|"Your career, ma'am - careful, it's piping hot"|
As the years rolled by, I lost some of my high hopes and naïveté. I saw how competitive it was in the music world. I learned that it took most people several years to build a career, and that even the most talented singer might struggle just to make a living. And yet, in my heart of hearts, I still hoped that I would be different. I would be special.
I think that deep down inside, I believed the world was a fair and logical place. If you put in enough work, you reap the rewards - simple. And so as I began my year at the opera studio, I didn't worry too much about the future. I would audition for as many things as possible, and surely at one point someone would give me an obvious answer. Someone would offer me an opportunity, and my future would be all mapped out.
|"Follow me - your career goes that way!"|
It was around springtime this year when I realised that no one was going to offer me any easy answers. I hadn't won a place in any young artist programmes, and no agents or opera companies had signed me on. The future was a big blank. I was all by myself.
My immediate reaction was panic and despair. I couldn't believe that after all my hard work this year, all the progress I had made on my voice and my acting, nobody was going to scoop me up and take care of me. How was I going to make a living? Where was I going to live? What was the next step? How would I know if I was doing the right thing?
|I'm not so good at making decisions.|
I have been thinking about moving to Germany for a long time. And yet I've always been afraid to take the leap. Perhaps because the prospect of a foreign language daunted me. Perhaps because it seemed unoriginal - so many other young singers had done it before me. Or perhaps because I had heard horror stories of singers arriving in Germany full of hopes and dreams, only to leave a few months later with an empty wallet and their tails between their legs.
But I had a few advantages over those singers in the horror stories. First of all, I already knew some German. Secondly - miraculously - one of my auditions this year had actually paid off, and I had some choir work lined up in Stuttgart. It wasn't much, but it would pay the rent, which was a good start.
After ordering a refresher audio course online (I hadn't studied any German since undergrad, which was - *cringe* - almost 10 years ago) I started thinking about where exactly in Germany I would live. Eventually I settled on Cologne.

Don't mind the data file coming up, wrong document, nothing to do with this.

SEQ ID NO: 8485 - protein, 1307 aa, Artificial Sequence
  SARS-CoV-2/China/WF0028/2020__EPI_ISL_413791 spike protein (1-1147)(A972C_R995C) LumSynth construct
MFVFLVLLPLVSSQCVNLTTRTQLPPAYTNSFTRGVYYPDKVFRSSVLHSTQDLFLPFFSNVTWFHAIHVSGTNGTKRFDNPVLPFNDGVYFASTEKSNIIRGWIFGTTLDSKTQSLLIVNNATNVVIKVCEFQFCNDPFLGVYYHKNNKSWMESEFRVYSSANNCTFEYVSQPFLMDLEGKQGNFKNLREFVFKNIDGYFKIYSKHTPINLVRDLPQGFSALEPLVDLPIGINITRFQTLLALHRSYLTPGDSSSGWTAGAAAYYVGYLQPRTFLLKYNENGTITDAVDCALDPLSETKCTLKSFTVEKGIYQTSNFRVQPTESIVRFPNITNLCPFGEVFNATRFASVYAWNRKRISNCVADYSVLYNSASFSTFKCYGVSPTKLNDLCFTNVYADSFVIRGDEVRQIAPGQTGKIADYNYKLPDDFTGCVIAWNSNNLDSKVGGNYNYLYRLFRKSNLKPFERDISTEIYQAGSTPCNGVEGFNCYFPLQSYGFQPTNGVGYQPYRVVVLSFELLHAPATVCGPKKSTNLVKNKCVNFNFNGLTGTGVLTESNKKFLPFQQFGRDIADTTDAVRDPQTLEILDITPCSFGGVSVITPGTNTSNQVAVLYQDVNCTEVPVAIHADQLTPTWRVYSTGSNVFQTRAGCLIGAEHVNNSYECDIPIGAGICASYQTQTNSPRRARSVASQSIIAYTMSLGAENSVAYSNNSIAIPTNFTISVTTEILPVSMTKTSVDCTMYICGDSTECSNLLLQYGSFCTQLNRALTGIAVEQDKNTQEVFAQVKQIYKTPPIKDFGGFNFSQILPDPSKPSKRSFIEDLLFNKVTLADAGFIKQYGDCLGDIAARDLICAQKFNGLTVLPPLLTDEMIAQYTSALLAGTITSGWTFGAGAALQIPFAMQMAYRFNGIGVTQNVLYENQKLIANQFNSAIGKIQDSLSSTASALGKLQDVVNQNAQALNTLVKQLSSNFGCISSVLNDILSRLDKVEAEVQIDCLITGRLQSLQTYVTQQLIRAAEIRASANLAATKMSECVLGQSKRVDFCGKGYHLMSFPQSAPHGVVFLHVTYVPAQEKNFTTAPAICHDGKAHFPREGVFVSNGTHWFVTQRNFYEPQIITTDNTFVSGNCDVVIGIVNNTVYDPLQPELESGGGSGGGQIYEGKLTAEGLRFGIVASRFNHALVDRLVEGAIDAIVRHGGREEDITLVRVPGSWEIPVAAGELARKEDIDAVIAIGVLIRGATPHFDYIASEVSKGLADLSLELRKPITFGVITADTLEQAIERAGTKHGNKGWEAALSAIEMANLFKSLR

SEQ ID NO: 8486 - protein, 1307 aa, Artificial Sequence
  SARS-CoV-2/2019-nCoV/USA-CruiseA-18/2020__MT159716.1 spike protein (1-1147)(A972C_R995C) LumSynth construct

Why Cologne? It wasn't exactly a scientifically calculated choice. I could have easily decided to move to any German city. But I did consider a few factors in my decision: cost of living, accessibility, and proximity to Stuttgart. Cologne is close to 3 major airports, and is only a few hours away from Stuttgart by train. It's also pretty close to Gent, meaning it would be easy to come back to Belgium for work or visiting friends. Compared to most major German cities, it's not an expensive place to live. And, most helpful of all, I already had a couple of friends living there. In other words, I wouldn't be completely alone when I arrived.
|"Hello?..... Anybody there???"|
And yet, there's something thrilling about this question mark. It's a blank canvas which I have the power to fill however I like. I don't have to follow someone else's path. I can make a new one. I'm my own boss, in control of my own destiny.
I know these next few months will be scary, difficult, confusing, and often lonely. But they are also an opportunity to make my own career, in my own way, tailored to a shape and size that suits me.
|"Yep, this career will fit my voice perfectly."|
I have many friends whose career paths don't fit into the preconceived notion of a budding young opera star. They are successful freelance singers, and so much more. They are educators, directors, administrators, writers, conductors, coaches, and founders of brand new ensembles and opera companies. Are they living the life they envisioned for themselves? No. They are living something far more interesting than they ever could have imagined.
Life after graduation is hard. Whatever our dreams are, however hard we work for them, most of us don't transfer seamlessly into our ideal career. But what we do achieve can be so much more exciting. With creativity, determination, resourcefulness and vision, we forge ahead. We find our own path, and we're often delighted to discover where it leads.
Here I am, foot poised, about to start out on my own path. And I can't wait to find out what comes next.